Because voting by mail has become much more popular in recent years, Robinson explained to the Siesta Chamber group, “Everything has to start much earlier [with the Surtax IV campaign].”

Robinson noted that a portal will be created on the county website, as well, so members of the public can submit suggestions for projects. “I encourage you to do so,” she said.

The proposals will be distributed to the appropriate local government bodies for their consideration, Robinson pointed out.

How the Surtax III money has been spent

Surtax revenue paid for improvements at Siesta Public Beach Park. Image courtesy Sarasota County

The county webpages with details about the Surtax program show that, through the 2020 fiscal year, which ended on Sept. 30, 2020, the county had dedicated $285.5 million of its Surtax III funds to transportation. The figure represented 59% of the total Surtax III money collected at that point.

Another $63 million had been allocated to parks (13% of the total), with libraries getting $35.5 million.

Of the 116 projects on which the money was to be spent, 25 involved transportation through the end of FY 2020. The largest number pertained to parks: 46.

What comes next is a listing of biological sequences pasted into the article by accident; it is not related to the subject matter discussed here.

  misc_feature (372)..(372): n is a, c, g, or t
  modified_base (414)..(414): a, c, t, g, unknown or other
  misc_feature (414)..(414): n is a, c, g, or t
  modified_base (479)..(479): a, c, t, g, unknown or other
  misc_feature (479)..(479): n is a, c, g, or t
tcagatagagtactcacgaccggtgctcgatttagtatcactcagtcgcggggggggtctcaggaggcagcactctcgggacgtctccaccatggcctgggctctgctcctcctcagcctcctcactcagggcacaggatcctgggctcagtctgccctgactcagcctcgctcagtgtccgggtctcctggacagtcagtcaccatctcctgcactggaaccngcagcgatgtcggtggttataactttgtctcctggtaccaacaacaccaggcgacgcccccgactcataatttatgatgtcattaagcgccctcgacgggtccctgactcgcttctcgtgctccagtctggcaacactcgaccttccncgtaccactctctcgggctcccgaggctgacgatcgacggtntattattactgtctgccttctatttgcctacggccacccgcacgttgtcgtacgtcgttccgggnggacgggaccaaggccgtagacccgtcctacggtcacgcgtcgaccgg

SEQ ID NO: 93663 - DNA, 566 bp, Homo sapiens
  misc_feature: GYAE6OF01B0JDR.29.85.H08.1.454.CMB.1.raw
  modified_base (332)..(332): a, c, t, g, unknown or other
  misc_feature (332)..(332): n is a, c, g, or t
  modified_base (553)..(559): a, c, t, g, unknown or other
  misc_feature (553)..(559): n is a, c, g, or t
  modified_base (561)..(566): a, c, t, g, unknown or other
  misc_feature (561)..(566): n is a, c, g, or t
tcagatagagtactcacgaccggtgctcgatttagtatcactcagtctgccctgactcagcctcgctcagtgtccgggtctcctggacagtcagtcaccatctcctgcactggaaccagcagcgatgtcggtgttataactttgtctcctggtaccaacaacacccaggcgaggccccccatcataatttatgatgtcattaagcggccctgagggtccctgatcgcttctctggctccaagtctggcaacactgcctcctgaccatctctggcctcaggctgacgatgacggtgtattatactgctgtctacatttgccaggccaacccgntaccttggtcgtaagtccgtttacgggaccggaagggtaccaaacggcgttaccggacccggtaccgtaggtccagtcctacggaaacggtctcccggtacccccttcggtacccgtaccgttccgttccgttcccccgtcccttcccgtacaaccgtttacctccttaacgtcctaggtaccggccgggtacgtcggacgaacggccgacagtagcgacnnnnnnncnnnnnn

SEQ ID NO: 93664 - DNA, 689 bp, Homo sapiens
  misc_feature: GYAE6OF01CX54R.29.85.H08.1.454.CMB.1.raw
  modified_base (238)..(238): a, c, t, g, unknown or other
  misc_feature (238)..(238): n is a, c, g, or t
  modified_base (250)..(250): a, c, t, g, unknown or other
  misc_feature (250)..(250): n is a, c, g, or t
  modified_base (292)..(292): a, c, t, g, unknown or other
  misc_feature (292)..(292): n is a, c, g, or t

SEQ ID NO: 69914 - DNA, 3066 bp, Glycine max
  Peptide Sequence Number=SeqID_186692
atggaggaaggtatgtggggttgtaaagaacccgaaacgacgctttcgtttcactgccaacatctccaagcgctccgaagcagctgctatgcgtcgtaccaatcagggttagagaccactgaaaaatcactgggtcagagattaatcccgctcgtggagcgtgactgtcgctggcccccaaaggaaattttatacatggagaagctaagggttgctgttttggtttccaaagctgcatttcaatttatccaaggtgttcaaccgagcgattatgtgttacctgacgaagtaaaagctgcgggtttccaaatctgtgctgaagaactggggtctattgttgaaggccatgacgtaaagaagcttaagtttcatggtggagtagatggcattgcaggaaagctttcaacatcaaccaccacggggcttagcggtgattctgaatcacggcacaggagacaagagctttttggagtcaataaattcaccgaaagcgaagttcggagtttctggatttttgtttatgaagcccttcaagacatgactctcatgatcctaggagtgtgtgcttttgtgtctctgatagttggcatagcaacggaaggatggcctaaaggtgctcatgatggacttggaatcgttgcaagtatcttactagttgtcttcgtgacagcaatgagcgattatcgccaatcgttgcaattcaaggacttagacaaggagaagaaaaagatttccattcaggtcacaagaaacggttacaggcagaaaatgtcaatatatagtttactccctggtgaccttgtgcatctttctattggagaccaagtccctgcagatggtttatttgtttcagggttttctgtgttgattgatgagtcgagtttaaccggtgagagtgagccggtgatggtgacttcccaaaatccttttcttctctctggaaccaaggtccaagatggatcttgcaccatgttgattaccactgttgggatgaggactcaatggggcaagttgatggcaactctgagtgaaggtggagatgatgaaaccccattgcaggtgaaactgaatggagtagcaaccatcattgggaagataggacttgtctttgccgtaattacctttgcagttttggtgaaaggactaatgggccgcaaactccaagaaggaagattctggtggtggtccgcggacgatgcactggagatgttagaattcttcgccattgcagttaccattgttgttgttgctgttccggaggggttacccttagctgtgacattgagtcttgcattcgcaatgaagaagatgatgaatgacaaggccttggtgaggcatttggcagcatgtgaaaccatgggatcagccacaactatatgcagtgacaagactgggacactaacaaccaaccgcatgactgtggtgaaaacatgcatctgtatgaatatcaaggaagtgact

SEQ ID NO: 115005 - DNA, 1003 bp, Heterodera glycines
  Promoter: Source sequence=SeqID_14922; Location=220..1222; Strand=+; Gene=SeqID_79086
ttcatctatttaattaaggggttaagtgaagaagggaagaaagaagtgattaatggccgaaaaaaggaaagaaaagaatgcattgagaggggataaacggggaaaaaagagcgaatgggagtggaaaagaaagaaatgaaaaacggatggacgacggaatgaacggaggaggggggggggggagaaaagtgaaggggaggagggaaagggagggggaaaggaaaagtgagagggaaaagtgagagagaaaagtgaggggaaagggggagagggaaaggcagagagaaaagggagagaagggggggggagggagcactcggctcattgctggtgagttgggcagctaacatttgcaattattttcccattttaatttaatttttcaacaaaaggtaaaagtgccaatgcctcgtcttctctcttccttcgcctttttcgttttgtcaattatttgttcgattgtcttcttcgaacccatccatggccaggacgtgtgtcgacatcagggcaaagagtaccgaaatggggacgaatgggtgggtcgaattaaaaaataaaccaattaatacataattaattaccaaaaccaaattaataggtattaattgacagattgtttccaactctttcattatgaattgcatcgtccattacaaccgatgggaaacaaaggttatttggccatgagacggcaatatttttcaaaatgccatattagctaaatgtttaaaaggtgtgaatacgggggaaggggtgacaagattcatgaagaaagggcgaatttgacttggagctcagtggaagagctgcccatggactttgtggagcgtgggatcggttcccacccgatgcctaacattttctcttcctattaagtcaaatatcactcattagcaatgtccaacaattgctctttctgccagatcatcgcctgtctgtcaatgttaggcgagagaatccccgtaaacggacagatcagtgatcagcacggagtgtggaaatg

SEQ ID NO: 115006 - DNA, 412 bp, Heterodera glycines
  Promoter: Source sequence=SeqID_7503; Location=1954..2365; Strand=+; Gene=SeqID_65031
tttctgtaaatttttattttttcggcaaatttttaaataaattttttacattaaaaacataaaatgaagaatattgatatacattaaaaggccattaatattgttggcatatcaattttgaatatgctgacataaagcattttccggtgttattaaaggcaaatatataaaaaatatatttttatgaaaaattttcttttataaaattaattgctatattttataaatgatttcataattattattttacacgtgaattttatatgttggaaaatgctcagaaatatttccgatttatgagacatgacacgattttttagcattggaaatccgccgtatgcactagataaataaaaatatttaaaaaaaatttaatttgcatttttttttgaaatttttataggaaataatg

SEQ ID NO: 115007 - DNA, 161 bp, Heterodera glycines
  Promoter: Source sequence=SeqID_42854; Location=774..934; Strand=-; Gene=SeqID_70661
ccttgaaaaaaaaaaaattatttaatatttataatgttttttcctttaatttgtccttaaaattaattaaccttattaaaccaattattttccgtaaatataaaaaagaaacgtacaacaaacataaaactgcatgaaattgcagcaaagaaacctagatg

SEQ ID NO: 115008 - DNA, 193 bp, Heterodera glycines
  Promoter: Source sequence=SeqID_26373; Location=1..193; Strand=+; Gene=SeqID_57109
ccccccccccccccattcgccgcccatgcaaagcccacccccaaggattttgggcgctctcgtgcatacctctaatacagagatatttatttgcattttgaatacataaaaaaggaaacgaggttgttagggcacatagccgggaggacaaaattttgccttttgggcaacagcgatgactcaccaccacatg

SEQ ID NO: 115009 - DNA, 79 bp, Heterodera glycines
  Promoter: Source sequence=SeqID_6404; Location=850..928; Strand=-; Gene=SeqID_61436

This graphic shows some of the ways the City of Sarasota has used its share of the Surtax funds. Image courtesy Sarasota County

Through the same period, the City of Sarasota had programmed $111.8 million of Surtax III funding, with the majority — $36.4 million — dedicated to “Community” initiatives. Another $35.7 million had been allocated to transportation and sidewalks.

Among the projects on Siesta Key that received Surtax III funds, Robinson told the Siesta Chamber group, were the Siesta Public Beach Park improvements, which included the construction of more parking spaces; improved and expanded concessions; and an updated playground and family picnic facilities. The total expense for enhancements of the facilities there, according to a document provided to the County Commission during its June 23 budget workshop, was $22.5 million between 2008 and 2018.

Turtle Beach Park benefitted from $1.1 million in Surtax revenue, which went to facilities and parking improvements.

Additionally, Robinson noted, the county constructed the new Gulf Gate Library, which is the library that Siesta residents use.  The expense of that initiative was $7.5 million, the county website says.